The application of the common law to D&O policies is reflected in a clause which is commonly seen in D&O policies claiming that the indemnity is limited to the extent that it is allowable by the law.

Corporations Act prohibits paying insurance premiums in three circumstances

Under the Corporations Act, companies are prohibited from paying insurance premiums for their officers in three circumstances.[11]  These are:

  • where the officer was involved in a wilful breach of duty in relation to the company;
  • where the officer has misused their position;[12] or
  • where the officer has misused information.[13]

None of the circumstances will necessarily arise from the officer being involved in the company’s contravention of the CCA.  They might - it will depend on the particular circumstances.

Insurer is not an interposed entity

The Corporations Act states that the prohibition on companies paying insurance premiums for their officers in the three circumstances set out above “applies to a premium whether it is paid directly or through an interposed entity”.[14]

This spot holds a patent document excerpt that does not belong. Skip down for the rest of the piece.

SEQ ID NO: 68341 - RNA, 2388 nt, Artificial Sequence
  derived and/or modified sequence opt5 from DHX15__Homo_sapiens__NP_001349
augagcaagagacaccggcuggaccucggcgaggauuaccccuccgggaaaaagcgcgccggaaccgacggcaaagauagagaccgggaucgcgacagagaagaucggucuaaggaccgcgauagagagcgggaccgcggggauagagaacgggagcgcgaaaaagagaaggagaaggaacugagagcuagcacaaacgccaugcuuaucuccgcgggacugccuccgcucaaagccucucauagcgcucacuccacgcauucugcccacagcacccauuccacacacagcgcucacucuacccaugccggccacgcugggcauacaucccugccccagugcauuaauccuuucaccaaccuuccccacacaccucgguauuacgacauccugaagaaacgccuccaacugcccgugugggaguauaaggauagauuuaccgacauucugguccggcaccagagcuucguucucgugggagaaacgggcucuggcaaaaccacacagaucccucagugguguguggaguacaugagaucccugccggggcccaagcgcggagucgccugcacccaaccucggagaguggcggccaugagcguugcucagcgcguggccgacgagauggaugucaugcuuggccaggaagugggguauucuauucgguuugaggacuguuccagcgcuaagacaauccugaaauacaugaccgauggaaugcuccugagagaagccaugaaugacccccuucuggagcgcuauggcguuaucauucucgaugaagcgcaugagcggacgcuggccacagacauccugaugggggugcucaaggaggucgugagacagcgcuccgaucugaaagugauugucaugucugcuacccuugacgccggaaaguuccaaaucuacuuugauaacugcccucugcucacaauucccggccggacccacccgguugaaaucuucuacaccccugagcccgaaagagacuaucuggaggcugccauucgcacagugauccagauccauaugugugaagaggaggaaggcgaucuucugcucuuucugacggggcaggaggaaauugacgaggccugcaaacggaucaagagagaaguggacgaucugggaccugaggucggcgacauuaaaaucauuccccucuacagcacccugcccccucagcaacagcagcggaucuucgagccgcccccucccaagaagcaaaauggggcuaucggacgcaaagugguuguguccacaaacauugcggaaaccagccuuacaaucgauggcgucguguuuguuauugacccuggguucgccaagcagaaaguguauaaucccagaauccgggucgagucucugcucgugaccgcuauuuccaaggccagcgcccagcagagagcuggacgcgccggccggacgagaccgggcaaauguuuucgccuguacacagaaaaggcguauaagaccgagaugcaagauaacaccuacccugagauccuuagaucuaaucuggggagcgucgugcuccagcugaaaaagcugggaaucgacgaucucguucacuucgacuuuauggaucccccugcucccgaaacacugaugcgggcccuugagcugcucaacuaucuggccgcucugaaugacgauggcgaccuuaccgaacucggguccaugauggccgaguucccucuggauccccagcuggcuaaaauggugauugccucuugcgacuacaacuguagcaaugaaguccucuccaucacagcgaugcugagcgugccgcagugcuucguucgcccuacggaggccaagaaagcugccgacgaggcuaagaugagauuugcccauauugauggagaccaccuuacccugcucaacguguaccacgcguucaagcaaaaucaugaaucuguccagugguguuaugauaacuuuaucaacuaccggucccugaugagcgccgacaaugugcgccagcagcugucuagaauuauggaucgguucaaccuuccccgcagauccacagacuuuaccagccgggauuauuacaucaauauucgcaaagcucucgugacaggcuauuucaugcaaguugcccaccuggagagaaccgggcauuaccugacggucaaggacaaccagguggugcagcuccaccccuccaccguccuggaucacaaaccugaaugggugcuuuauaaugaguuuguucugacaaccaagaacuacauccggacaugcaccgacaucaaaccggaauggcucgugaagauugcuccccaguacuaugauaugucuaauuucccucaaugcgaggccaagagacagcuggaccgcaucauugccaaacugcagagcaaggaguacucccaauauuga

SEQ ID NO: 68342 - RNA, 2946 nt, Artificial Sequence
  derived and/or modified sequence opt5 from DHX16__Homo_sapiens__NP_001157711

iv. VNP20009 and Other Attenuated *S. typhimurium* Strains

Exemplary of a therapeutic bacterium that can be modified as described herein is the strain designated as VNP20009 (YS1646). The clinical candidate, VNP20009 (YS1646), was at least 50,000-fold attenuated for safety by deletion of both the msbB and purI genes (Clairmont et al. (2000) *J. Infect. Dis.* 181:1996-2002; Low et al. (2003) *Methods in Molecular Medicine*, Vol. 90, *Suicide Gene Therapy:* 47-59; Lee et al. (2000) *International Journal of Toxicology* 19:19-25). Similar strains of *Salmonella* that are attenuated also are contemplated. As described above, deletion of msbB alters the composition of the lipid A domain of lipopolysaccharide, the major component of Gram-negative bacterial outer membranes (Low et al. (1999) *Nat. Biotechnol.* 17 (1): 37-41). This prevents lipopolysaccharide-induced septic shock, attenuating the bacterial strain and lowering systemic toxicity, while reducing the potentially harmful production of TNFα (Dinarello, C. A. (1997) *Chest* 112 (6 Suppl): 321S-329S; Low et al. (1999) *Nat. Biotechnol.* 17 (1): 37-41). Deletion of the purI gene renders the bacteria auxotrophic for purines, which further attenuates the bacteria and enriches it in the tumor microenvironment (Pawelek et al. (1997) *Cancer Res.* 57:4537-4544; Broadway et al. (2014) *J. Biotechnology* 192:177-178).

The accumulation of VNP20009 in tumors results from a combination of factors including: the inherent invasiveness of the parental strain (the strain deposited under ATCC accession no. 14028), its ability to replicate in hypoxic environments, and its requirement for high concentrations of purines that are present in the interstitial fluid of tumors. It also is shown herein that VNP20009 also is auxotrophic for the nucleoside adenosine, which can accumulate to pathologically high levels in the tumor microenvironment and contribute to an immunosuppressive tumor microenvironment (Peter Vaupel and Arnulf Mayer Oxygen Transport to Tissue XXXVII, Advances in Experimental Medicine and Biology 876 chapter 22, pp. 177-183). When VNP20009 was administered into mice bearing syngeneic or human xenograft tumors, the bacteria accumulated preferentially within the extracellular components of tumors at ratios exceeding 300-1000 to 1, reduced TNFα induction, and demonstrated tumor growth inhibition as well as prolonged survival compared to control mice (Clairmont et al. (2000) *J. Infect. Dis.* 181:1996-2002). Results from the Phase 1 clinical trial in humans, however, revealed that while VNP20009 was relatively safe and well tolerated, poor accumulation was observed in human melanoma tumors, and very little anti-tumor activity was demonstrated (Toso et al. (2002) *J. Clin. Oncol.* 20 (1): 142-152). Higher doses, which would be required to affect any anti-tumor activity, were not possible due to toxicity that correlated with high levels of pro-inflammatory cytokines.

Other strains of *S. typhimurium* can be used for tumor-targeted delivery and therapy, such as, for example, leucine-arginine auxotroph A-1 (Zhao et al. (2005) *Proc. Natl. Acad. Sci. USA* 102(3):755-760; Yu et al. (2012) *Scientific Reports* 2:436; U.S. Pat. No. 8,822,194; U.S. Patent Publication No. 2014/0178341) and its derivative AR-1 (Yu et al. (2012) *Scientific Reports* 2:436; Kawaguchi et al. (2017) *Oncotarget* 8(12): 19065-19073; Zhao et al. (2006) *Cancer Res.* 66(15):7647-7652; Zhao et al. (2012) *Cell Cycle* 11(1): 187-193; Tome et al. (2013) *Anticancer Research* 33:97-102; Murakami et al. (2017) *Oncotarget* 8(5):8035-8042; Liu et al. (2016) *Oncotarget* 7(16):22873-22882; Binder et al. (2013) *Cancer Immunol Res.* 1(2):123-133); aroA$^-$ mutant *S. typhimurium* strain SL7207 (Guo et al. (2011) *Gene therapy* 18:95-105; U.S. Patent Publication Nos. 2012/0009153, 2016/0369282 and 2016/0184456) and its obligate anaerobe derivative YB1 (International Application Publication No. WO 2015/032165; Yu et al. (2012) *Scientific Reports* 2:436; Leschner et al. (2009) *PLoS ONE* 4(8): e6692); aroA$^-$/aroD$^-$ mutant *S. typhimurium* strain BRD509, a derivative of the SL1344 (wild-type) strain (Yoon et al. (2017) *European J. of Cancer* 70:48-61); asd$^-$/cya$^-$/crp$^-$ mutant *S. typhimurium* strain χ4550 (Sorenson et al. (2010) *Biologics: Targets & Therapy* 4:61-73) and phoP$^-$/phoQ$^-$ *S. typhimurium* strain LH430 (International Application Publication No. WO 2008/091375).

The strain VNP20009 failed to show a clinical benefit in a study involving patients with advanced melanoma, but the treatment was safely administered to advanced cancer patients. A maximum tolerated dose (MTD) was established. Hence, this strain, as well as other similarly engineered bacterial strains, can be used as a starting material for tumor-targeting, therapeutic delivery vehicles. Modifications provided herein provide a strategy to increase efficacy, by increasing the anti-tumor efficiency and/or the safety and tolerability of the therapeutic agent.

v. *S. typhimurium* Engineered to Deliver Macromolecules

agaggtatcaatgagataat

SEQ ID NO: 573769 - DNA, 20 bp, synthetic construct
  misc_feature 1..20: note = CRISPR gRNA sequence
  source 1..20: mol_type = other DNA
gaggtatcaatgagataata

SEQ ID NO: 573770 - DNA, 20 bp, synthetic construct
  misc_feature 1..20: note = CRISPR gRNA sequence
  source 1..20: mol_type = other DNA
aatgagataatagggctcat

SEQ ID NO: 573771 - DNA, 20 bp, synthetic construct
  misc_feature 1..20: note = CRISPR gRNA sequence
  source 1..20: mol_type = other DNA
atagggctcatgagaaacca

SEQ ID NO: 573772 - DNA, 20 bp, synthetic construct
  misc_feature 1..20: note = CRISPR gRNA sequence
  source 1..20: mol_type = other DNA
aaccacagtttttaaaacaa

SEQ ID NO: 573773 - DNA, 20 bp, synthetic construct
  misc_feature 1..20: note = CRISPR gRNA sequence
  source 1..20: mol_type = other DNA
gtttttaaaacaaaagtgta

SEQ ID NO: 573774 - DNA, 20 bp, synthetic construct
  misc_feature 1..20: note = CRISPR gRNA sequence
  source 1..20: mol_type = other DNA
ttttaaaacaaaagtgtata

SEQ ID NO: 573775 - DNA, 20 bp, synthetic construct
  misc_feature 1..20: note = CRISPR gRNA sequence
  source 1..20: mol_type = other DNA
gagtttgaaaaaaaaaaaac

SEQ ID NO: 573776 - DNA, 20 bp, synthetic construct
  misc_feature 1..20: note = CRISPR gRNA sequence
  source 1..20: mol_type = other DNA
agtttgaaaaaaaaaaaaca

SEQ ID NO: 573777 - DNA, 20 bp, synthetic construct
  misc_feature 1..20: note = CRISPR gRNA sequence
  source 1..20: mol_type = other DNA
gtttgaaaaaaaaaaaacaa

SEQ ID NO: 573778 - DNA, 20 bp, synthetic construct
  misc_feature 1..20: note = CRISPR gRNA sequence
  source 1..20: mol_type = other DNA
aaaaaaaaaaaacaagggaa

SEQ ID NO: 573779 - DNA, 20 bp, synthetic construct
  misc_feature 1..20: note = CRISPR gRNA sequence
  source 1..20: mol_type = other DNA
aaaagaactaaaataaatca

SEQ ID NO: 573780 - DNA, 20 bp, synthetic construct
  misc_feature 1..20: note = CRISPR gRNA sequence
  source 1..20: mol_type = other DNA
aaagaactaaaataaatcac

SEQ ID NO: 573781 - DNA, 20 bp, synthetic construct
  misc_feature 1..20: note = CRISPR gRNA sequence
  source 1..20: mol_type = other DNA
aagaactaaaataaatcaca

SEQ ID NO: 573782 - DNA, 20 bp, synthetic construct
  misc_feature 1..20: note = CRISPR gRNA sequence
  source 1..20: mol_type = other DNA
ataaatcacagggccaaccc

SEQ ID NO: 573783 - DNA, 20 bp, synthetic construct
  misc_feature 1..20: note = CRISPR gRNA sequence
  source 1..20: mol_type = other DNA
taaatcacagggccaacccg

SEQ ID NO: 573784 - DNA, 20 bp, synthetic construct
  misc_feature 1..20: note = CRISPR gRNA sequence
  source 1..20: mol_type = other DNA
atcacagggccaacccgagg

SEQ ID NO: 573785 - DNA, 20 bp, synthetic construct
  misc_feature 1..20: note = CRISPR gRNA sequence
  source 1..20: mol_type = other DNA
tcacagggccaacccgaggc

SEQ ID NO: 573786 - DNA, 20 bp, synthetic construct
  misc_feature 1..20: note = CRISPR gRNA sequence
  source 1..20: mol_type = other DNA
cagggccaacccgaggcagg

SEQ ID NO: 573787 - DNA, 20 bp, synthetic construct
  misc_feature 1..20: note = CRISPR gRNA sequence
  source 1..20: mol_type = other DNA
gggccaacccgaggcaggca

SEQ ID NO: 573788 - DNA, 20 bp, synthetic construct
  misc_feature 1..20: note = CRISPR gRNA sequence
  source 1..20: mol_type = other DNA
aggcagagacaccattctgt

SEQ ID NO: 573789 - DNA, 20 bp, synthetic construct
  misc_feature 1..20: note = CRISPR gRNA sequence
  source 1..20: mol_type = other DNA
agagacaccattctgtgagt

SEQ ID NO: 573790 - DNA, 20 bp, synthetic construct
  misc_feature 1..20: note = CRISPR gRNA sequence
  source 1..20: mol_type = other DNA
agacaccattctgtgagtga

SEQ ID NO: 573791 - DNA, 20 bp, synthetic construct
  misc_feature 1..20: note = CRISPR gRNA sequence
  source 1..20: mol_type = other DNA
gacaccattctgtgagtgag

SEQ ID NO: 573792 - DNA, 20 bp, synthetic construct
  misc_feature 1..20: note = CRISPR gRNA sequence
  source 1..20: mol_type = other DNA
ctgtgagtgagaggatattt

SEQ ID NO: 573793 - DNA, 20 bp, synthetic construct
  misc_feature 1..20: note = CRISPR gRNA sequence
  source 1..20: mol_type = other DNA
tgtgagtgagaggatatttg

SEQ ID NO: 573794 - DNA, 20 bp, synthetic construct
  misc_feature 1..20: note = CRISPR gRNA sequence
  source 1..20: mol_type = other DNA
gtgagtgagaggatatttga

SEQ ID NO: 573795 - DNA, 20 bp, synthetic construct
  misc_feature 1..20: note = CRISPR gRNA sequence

Similarly, the CCA provides that a company must not indemnify any of its officers “whether by agreement or by making a payment and whether directly through an interposed entity.[15] 

The express reference to “a premium … paid through an interposed entity” in the Corporations Act suggests that an “interposed entity” is not an insurer but is some other entity interposed between the company making the payment and the officer.

Consequently, a company will not contravene the statutory prohibitions on indemnification of their officers by paying the officer’s insurance premium to an arms-length insurer for insurance to cover criminal or civil liabilities and associated legal costs other than where the liability of the officer arises from the officer: